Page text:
Claire Larsonneur is Senior Lecturer at University Paris 8, within the research unit TransCrit. Her fields of interest include Contemporary British Literature, Translation Studies and Digital Humanities. Between 2012 and 2015 she has co-chaired with Pierre Cassou-Noguès and Arnaud Regnauld, an international research project, The Digital Subject, funded by Labex Arts H2H, which led to the publication of The Digital Subject (Presses du réel, 2015 for the French version, 2017 for the English version). Then she co-organised the 2016 Cerisy seminar on the Posthuman which led to the publication of Subjectivités numériques et posthumain, Presses Universitaires de Rennes (2020) and she guest-edited the special issue of Angles on Digital Subjectivities (2018).
In this paper I wish to examine the wider philosophical issues broached upon by Ian McEwan in his latest book, Machines like Me (2019). The bookcharts the impact of commercially available A.I-powered humanoid companions onto the lives of their owners. I would like specifically to focuson the notion of empathy which McEwan revisits and complexifies as the characters interact and the humanoid Adam evolves.
Studying the characterization of the Adams and Eves within the novel reveals the uses of a number of empathy building techniques, from the Bildungsroman storyline to the precise balance between familiarity and foreignness in Adam’s appearance, which help the reader identify with arobot and obfuscate the inner machinery of mechanics, electronics and AI. McEwan appears to deliberately avoid any touch of the uncanny, thus shifting the debate from an encounter with a machine to an encounter with a foreigner, bearing resemblance with an immigrant. The posthuman robot is thus steered back into human territory.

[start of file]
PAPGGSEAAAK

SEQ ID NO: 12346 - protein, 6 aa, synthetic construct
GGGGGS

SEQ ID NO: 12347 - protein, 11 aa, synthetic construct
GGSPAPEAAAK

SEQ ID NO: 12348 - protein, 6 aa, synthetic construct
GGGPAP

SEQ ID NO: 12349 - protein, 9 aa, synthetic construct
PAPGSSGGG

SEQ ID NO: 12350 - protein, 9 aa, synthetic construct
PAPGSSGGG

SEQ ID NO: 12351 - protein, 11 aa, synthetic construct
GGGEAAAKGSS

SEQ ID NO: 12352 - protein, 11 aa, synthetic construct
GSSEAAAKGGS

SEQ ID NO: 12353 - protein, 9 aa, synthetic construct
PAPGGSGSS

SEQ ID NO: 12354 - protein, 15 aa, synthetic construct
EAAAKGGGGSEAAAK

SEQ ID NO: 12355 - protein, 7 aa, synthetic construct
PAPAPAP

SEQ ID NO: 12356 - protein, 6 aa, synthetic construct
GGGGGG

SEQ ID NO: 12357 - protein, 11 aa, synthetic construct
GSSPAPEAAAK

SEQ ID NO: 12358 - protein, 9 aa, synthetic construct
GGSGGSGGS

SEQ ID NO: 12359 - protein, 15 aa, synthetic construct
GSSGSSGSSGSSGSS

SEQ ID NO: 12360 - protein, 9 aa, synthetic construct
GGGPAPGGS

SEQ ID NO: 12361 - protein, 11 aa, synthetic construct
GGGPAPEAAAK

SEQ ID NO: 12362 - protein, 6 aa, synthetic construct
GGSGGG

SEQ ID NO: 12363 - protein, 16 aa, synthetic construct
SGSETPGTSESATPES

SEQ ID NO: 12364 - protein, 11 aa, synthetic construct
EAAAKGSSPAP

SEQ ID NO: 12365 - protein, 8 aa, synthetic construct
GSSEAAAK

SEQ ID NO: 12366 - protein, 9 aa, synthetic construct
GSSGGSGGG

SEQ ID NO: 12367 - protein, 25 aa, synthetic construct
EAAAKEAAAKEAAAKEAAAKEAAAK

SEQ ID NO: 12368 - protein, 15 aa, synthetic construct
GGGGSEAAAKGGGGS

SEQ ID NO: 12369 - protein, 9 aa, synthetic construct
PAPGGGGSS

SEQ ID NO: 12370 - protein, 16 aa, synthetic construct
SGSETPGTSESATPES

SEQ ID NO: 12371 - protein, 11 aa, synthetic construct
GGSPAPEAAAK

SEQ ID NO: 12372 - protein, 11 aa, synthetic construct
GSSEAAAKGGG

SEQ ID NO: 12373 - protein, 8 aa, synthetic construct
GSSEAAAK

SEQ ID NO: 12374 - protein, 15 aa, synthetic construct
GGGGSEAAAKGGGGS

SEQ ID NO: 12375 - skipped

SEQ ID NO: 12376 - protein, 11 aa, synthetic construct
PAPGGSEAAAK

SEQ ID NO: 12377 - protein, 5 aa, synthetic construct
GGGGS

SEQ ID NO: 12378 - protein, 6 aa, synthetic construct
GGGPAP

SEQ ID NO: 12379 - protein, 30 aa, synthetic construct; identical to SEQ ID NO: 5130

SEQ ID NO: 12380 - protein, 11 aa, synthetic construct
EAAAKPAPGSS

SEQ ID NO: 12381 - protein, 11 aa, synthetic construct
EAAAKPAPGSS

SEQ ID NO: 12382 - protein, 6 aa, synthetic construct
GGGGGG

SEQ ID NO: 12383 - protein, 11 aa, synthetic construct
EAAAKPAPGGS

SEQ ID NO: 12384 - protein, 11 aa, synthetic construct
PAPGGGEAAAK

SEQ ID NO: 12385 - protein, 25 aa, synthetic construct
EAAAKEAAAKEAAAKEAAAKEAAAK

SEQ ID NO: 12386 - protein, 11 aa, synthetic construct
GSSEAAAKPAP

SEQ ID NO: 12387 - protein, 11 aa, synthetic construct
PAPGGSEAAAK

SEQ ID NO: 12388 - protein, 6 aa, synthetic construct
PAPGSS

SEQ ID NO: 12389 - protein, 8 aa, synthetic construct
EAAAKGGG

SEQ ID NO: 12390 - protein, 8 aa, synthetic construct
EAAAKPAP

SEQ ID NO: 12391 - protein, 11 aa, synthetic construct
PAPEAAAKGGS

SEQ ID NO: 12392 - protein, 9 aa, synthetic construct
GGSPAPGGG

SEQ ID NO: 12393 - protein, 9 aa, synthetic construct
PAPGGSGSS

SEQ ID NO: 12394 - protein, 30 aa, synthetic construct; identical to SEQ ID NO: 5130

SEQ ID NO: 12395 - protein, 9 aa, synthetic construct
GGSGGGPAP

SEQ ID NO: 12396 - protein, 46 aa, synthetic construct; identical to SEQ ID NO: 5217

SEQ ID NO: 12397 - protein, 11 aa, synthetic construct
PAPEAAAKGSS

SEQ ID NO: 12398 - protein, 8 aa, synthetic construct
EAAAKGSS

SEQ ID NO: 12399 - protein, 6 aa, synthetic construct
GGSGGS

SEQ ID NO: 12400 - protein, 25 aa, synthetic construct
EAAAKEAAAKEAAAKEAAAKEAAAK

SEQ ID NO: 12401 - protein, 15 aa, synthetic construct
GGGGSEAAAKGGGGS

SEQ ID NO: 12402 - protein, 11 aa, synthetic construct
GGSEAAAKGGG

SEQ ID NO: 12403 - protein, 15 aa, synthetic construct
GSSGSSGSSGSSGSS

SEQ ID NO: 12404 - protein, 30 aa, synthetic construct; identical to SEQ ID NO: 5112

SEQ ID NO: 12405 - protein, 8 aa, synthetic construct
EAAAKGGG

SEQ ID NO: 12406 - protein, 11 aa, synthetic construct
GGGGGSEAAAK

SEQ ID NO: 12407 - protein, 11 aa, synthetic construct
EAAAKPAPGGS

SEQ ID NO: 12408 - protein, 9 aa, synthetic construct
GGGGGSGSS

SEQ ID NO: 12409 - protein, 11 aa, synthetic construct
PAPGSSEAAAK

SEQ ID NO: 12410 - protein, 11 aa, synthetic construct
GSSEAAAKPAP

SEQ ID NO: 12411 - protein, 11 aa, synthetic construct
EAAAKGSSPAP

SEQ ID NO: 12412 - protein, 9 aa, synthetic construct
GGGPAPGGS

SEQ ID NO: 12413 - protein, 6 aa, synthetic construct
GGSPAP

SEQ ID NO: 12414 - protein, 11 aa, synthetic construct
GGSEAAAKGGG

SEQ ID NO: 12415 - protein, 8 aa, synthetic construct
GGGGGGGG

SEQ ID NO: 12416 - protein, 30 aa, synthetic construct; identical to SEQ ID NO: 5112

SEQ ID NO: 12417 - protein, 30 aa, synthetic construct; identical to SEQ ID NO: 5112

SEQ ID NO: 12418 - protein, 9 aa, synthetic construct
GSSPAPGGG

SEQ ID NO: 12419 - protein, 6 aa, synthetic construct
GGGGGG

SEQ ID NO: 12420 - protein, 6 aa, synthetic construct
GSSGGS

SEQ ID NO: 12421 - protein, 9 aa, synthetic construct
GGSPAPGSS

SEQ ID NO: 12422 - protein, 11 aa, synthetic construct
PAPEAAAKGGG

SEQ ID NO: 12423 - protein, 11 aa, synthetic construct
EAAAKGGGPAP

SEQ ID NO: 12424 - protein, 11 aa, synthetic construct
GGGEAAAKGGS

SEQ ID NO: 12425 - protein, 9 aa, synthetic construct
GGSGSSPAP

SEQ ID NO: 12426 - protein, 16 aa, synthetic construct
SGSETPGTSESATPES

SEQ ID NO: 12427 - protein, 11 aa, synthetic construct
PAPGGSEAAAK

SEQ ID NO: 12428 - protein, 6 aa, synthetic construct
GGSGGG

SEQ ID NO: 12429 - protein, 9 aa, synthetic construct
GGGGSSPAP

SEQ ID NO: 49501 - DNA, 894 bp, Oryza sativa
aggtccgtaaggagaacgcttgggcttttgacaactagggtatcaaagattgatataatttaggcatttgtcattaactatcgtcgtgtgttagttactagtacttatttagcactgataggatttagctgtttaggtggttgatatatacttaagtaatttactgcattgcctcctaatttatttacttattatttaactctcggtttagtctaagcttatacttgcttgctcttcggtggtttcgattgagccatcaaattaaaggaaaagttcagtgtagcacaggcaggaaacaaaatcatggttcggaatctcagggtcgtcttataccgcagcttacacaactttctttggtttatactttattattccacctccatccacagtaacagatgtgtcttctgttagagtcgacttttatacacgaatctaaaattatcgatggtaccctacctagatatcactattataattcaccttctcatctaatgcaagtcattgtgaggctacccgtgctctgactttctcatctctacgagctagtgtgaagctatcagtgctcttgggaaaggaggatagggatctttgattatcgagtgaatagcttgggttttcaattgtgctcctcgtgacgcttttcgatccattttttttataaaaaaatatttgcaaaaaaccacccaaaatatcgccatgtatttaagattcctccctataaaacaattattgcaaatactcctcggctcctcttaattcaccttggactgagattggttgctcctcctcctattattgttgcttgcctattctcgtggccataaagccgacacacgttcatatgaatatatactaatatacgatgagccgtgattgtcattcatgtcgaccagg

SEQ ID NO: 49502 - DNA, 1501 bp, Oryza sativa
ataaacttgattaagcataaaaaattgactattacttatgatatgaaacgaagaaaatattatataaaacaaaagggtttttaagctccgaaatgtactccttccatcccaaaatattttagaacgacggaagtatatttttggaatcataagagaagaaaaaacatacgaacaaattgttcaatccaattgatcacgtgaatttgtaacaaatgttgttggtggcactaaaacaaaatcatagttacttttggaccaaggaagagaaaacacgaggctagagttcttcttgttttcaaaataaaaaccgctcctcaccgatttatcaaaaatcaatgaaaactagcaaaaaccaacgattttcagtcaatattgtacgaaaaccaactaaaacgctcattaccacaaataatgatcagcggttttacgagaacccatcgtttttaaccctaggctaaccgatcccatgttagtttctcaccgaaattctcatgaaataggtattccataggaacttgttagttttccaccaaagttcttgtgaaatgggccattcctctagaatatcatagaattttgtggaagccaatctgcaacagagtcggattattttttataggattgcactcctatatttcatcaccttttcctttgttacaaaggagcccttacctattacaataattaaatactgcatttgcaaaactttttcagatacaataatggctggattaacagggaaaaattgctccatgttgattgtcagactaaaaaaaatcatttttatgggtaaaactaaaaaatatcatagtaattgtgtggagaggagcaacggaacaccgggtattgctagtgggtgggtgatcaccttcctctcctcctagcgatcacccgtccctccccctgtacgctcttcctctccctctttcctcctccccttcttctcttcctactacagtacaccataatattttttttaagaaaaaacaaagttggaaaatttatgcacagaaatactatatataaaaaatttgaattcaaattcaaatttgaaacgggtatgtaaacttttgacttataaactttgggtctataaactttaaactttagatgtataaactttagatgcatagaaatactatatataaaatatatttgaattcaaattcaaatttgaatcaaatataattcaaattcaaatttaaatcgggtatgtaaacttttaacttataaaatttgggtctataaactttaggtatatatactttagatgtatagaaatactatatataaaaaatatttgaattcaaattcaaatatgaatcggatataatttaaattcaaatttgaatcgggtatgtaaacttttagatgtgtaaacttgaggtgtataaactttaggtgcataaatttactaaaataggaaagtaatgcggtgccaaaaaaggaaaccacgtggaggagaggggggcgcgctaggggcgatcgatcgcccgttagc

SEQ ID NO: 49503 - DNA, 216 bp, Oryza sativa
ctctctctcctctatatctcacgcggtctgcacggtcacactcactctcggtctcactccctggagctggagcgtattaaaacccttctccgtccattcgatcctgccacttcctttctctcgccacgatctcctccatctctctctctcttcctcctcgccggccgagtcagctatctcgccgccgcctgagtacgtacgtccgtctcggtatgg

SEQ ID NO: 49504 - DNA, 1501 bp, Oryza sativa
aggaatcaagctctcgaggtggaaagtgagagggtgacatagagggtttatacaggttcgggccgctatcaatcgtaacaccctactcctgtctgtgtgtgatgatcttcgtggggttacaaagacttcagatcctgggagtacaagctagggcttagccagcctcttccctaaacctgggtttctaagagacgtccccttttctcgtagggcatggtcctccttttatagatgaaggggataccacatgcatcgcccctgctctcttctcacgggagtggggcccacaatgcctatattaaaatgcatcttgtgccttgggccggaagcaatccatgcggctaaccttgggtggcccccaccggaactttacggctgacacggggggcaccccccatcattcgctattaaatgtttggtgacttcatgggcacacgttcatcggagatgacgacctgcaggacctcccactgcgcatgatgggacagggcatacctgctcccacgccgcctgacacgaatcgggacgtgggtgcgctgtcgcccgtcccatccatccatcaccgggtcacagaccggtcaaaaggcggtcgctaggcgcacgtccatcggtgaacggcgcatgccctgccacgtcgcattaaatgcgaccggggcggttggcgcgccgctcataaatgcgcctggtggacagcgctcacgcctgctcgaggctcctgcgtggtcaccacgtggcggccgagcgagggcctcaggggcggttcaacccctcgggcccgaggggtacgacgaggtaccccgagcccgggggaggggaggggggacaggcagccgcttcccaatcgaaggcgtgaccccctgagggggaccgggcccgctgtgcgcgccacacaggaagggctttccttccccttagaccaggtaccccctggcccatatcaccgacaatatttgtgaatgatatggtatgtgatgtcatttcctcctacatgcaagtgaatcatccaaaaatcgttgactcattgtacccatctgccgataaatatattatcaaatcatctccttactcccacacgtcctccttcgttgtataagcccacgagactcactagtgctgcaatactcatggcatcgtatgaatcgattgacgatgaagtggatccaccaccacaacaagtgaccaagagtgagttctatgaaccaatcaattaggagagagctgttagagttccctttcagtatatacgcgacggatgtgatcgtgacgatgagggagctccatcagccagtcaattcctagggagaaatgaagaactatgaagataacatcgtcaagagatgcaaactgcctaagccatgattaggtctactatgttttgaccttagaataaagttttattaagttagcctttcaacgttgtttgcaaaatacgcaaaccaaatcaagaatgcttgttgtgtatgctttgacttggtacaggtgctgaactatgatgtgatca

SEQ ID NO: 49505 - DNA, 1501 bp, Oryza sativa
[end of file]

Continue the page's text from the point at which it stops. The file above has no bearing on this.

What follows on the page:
The attitudes and actions of the main human characters, Charlie, Mirandaand Alan Turing, oscillate between care and monitoring, two notions thathave recently been topical in philosophical and political debates. I wouldlike to trace back the archaeology of those notions and show how they overlap and contrast in the novel, especially as AI techniques feed upon aconstant monitoring of our lives through the production and exploitation ofdata by intelligent agents (Sadin 2013). McEwan’s portrayal of the interplay between institutions, technologies and human actions helps resituate empathy within a wider, public and collective scene.
Finally, by focusing on the life choices of Adam (the humanoid), I would like to come back to the new equation between empathy and logic and knowledge, rather than emotions, McEwan suggests. His reflection on empathy here crosses paths with the debates on the ethics of AI, especially in terms of decision-making and risk-assessment.